ME 582 Advanced Materials Science Chapter 2 Macromechanical Analysis of a Lamina (Part 2) Laboratory for Composite Materials Research Department of Mechanical Engineering University of South Alabama, Mobile,
More informationPresented By: EAS 6939 Aerospace Structural Composites
A Beam Theory for Laminated Composites and Application to Torsion Problems Dr. BhavaniV. Sankar Presented By: Sameer Luthra EAS 6939 Aerospace Structural Composites 1 Introduction Composite beams have
More informationModule 5: Laminate Theory Lecture 19: Hygro thermal Laminate Theory. Introduction: The Lecture Contains: Laminate Theory with Thermal Effects
Module 5: Laminate Theory Lecture 19: Hygro thermal Laminate Theory Introduction: In this lecture we are going to develop the laminate theory with thermal and hygral effects. Then we will develop the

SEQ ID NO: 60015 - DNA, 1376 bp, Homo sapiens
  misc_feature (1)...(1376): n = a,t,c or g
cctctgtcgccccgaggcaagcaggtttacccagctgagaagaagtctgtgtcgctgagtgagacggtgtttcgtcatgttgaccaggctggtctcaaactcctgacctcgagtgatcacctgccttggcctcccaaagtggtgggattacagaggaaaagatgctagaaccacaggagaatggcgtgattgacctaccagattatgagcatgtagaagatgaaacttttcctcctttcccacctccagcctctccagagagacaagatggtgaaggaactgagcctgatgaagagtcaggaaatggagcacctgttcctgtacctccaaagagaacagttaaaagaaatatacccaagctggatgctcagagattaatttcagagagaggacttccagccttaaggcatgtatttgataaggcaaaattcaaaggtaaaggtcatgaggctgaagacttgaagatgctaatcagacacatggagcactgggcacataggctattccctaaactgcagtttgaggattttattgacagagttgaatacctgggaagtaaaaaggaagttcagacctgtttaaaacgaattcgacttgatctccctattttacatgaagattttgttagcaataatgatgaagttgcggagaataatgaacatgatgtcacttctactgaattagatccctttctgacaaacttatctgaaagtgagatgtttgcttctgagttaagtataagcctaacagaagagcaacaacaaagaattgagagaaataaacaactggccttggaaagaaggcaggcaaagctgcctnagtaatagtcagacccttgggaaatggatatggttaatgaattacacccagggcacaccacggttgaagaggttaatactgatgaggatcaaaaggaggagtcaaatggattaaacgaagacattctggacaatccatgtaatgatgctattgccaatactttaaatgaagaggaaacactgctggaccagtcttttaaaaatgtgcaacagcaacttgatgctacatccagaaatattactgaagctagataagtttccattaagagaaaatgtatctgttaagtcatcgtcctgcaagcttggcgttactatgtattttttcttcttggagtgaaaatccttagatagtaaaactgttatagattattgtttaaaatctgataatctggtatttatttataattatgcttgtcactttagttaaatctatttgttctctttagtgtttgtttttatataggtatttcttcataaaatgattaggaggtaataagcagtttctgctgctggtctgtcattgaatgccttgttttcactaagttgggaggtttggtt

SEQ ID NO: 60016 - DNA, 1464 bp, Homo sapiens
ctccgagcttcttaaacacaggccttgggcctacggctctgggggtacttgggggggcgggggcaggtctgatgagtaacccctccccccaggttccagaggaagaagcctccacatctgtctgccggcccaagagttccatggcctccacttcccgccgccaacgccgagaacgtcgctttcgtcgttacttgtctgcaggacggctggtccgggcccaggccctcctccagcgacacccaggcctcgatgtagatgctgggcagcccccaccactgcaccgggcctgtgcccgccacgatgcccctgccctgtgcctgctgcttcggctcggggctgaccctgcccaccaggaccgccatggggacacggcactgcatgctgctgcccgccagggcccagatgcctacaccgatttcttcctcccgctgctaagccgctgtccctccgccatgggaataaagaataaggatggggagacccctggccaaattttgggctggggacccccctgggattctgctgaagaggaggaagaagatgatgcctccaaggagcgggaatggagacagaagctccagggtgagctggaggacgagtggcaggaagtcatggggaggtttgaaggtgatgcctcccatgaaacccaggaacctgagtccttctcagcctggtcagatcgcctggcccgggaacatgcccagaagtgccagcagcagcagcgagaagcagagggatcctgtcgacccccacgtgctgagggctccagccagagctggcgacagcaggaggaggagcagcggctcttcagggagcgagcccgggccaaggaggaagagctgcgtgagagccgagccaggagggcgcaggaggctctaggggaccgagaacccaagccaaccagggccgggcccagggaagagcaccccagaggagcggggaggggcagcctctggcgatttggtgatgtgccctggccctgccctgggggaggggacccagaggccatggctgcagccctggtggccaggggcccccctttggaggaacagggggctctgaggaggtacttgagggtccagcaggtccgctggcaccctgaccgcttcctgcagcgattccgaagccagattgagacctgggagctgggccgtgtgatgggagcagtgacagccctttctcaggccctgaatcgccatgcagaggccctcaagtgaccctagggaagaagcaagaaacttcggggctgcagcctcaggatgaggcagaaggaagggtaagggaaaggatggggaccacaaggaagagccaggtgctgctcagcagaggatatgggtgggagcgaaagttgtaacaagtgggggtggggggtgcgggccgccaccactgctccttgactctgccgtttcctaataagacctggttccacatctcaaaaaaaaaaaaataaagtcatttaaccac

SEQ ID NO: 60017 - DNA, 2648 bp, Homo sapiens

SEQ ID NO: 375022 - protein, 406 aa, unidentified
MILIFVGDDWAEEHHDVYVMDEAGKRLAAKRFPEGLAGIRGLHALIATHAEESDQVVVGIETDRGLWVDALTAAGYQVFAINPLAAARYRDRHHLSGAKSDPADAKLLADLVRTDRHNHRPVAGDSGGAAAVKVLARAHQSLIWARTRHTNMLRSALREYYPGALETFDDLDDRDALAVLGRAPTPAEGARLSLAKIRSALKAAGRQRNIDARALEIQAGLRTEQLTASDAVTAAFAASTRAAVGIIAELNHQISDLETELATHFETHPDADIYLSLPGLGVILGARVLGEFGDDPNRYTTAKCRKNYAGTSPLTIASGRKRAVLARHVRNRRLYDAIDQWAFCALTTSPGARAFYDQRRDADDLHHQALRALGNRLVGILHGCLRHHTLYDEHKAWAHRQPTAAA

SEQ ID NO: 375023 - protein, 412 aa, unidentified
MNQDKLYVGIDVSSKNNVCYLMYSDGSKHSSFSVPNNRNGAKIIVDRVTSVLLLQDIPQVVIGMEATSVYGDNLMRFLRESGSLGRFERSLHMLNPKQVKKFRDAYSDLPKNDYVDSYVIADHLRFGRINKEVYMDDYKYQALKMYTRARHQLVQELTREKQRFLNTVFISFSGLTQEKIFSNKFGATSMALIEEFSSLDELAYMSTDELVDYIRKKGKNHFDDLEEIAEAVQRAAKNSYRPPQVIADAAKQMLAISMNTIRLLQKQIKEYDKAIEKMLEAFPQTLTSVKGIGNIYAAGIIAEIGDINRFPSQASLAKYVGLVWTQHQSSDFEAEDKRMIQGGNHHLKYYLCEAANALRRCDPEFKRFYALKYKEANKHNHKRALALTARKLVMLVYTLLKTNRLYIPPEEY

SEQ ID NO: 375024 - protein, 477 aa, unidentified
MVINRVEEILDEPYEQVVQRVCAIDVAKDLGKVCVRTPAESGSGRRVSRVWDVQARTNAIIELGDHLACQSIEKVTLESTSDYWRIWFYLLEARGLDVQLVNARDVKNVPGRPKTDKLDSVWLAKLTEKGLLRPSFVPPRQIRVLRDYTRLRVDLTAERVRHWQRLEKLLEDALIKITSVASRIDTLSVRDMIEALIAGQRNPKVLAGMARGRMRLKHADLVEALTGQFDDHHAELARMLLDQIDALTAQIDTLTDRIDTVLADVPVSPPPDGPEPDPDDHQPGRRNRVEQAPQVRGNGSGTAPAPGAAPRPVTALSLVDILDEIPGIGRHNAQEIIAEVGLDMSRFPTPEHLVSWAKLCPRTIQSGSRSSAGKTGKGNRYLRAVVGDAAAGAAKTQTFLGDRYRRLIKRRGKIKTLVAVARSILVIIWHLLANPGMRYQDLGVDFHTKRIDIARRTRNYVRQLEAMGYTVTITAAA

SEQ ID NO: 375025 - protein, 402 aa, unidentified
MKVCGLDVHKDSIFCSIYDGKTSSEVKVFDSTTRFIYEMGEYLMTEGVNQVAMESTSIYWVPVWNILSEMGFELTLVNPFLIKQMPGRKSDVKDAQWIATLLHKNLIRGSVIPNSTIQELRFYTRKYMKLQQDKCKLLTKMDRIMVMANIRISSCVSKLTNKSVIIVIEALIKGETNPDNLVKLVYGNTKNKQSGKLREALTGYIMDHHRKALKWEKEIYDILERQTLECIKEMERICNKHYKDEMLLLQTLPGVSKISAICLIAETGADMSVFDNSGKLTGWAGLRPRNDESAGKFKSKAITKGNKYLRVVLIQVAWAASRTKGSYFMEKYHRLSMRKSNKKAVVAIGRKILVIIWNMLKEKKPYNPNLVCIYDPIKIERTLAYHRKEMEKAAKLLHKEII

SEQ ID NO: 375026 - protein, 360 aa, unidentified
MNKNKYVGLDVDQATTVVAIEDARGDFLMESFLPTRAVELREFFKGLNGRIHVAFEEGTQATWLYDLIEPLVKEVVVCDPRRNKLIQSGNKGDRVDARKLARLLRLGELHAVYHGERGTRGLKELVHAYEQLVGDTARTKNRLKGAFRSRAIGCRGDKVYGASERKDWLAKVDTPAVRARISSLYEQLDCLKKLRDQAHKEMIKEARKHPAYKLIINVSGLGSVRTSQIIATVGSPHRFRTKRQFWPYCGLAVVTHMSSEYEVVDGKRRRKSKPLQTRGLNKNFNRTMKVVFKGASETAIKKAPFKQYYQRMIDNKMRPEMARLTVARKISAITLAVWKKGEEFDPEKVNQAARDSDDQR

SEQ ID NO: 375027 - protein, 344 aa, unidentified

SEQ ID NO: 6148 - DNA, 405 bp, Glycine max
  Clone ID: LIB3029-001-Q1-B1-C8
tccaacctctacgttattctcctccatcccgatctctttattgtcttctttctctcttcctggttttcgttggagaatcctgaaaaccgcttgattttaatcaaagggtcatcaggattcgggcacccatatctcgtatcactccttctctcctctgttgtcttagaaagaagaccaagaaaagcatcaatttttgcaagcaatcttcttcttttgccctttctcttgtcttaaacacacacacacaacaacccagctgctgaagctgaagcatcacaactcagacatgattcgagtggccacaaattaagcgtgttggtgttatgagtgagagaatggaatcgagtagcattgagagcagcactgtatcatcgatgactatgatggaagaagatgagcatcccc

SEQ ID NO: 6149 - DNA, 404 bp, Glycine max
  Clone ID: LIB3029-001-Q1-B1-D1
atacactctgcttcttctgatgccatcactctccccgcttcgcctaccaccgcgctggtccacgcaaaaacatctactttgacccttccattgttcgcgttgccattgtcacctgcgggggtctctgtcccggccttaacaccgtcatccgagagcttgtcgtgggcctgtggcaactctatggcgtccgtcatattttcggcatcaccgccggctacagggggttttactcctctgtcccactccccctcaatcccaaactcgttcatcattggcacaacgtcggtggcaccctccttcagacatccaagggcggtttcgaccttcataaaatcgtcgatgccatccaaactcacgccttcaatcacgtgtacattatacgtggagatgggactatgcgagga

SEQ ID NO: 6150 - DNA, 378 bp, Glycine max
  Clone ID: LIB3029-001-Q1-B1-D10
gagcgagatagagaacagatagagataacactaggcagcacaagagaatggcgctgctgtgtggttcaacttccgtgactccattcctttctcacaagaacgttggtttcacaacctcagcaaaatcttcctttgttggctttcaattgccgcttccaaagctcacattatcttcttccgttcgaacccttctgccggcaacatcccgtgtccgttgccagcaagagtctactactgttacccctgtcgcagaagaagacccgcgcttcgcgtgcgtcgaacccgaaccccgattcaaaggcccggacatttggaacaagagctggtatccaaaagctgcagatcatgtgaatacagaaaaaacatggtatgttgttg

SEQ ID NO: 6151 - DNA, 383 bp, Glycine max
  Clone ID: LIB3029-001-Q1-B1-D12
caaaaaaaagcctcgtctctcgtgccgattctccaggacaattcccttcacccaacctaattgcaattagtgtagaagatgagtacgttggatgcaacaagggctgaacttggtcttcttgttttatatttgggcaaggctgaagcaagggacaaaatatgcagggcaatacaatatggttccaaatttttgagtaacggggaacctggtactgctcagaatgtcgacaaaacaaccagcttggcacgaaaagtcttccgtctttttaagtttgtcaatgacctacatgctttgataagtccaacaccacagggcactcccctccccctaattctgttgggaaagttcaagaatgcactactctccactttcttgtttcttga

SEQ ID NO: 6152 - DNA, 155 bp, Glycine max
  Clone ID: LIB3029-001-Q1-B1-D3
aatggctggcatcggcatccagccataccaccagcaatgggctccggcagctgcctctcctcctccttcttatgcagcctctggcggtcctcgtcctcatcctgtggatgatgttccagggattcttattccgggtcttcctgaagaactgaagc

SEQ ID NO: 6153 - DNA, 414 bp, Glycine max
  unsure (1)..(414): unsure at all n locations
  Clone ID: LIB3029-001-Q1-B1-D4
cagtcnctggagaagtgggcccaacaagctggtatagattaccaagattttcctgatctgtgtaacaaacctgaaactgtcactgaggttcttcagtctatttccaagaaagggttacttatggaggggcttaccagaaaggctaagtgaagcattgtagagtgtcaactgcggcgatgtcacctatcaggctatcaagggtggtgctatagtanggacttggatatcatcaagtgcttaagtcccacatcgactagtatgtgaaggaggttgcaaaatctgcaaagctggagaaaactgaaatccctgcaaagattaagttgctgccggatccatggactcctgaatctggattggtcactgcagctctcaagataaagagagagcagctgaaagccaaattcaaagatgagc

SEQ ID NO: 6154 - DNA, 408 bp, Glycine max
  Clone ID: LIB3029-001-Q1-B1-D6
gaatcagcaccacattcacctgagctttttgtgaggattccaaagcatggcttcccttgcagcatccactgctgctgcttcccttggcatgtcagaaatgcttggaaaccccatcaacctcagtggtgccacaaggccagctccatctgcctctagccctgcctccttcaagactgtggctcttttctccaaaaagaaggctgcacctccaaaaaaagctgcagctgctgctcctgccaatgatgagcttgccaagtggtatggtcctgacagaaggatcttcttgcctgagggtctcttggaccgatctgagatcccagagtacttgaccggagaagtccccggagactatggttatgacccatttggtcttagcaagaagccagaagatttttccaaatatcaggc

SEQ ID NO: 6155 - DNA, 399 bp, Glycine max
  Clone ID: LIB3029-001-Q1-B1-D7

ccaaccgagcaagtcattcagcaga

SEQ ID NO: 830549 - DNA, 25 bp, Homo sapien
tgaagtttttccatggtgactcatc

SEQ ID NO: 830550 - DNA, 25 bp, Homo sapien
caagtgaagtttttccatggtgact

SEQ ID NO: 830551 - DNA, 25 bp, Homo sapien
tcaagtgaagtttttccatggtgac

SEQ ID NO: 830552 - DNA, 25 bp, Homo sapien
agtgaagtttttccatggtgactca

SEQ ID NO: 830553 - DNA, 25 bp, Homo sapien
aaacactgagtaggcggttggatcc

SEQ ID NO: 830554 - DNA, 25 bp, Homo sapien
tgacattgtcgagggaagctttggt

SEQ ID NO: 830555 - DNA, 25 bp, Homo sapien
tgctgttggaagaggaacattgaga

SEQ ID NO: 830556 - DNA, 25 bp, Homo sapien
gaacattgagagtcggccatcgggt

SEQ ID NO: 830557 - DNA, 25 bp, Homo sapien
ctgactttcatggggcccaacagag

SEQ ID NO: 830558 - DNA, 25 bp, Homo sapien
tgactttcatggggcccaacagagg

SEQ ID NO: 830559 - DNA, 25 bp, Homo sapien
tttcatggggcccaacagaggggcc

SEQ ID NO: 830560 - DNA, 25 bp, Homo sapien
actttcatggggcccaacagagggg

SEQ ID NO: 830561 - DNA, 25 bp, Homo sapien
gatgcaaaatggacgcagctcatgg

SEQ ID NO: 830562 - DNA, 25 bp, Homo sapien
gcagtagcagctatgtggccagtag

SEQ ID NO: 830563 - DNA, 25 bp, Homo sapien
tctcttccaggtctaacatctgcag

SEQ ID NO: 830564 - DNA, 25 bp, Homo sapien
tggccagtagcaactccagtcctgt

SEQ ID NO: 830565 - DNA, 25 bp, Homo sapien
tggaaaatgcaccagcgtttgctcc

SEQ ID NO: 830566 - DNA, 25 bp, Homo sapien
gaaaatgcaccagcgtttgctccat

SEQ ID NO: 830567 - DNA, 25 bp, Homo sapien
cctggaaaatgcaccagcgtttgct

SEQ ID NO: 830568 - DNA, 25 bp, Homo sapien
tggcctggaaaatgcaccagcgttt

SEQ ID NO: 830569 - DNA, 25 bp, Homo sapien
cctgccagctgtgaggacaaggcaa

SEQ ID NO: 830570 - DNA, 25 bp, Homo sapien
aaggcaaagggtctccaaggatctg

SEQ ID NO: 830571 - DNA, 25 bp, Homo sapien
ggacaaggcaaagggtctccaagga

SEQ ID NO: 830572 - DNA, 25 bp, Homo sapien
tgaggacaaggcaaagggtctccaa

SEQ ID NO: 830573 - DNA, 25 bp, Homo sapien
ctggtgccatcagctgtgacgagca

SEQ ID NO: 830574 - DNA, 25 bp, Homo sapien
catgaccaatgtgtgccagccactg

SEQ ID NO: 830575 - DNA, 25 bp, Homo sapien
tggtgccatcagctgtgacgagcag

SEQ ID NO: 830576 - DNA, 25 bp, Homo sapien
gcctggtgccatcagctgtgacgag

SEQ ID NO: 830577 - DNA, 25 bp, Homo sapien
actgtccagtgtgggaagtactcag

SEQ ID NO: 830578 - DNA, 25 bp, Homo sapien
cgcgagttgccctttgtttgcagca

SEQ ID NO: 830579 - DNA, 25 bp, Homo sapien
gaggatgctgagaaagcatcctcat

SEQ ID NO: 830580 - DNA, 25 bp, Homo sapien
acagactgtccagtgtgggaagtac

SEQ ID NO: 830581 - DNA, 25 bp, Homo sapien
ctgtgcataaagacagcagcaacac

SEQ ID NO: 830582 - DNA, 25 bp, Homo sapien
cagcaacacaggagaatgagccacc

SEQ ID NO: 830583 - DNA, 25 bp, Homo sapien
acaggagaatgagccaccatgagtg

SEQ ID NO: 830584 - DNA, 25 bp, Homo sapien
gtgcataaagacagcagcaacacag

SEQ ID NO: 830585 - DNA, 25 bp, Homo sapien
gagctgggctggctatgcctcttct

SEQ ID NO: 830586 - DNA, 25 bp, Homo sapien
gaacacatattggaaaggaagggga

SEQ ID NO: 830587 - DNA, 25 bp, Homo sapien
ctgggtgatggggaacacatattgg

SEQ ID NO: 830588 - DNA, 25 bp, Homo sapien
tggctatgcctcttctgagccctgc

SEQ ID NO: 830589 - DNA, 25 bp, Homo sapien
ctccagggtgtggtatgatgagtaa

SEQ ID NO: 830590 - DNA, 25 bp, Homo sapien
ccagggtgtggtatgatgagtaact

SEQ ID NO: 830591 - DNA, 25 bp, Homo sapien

More informationMESH MODELING OF ANGLEPLY LAMINATED COMPOSITE PLATES FOR DNS AND IPSAP
16 TH INTERNATIONAL CONFERENCE ON COMPOSITE MATERIALS MESH MODELING OF ANGLEPLY LAMINATED COMPOSITE PLATES FOR DNS AND IPSAP Wanil Byun*, Seung Jo Kim*, Joris Wismans** *Seoul National University, Republic
More informationUsing MATLAB to Design and Analyse Composite Laminates
Engineering, 2010, 2, 904916 doi:10.4236/eng.2010.211114 Published Online November 2010 (http://www.scirp.org/journal/eng). Using MATLAB to Design and Analyse Composite Laminates Abstract Avinash Ramsaroop,
More informationChapter 3. Load and Stress Analysis
Chapter 3 Load and Stress Analysis 2 Shear Force and Bending Moments in Beams Internal shear force V & bending moment M must ensure equilibrium Fig. 3 2 Sign Conventions for Bending and Shear Fig. 3 3
More informationFracture Mechanics of Composites with Residual Thermal Stresses